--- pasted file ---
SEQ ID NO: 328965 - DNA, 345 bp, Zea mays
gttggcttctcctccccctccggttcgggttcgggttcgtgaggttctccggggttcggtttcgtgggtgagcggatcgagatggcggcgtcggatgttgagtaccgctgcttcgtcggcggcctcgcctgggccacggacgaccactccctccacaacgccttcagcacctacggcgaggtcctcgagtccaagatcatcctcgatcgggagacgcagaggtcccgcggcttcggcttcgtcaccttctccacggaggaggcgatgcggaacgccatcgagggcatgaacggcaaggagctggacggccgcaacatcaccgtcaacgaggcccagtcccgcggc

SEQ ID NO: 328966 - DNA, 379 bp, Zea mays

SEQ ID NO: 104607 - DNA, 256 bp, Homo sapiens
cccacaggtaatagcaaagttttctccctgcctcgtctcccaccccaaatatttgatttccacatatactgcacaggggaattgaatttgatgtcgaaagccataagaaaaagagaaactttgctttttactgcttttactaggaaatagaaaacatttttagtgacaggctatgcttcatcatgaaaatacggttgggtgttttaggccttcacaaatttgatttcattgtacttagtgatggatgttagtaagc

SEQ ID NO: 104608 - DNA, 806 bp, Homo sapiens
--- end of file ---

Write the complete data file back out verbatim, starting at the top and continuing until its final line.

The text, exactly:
SEQ ID NO: 328965 - DNA, 345 bp, Zea mays
gttggcttctcctccccctccggttcgggttcgggttcgtgaggttctccggggttcggtttcgtgggtgagcggatcgagatggcggcgtcggatgttgagtaccgctgcttcgtcggcggcctcgcctgggccacggacgaccactccctccacaacgccttcagcacctacggcgaggtcctcgagtccaagatcatcctcgatcgggagacgcagaggtcccgcggcttcggcttcgtcaccttctccacggaggaggcgatgcggaacgccatcgagggcatgaacggcaaggagctggacggccgcaacatcaccgtcaacgaggcccagtcccgcggc

SEQ ID NO: 328966 - DNA, 379 bp, Zea mays

SEQ ID NO: 104607 - DNA, 256 bp, Homo sapiens
cccacaggtaatagcaaagttttctccctgcctcgtctcccaccccaaatatttgatttccacatatactgcacaggggaattgaatttgatgtcgaaagccataagaaaaagagaaactttgctttttactgcttttactaggaaatagaaaacatttttagtgacaggctatgcttcatcatgaaaatacggttgggtgttttaggccttcacaaatttgatttcattgtacttagtgatggatgttagtaagc

SEQ ID NO: 104608 - DNA, 806 bp, Homo sapiens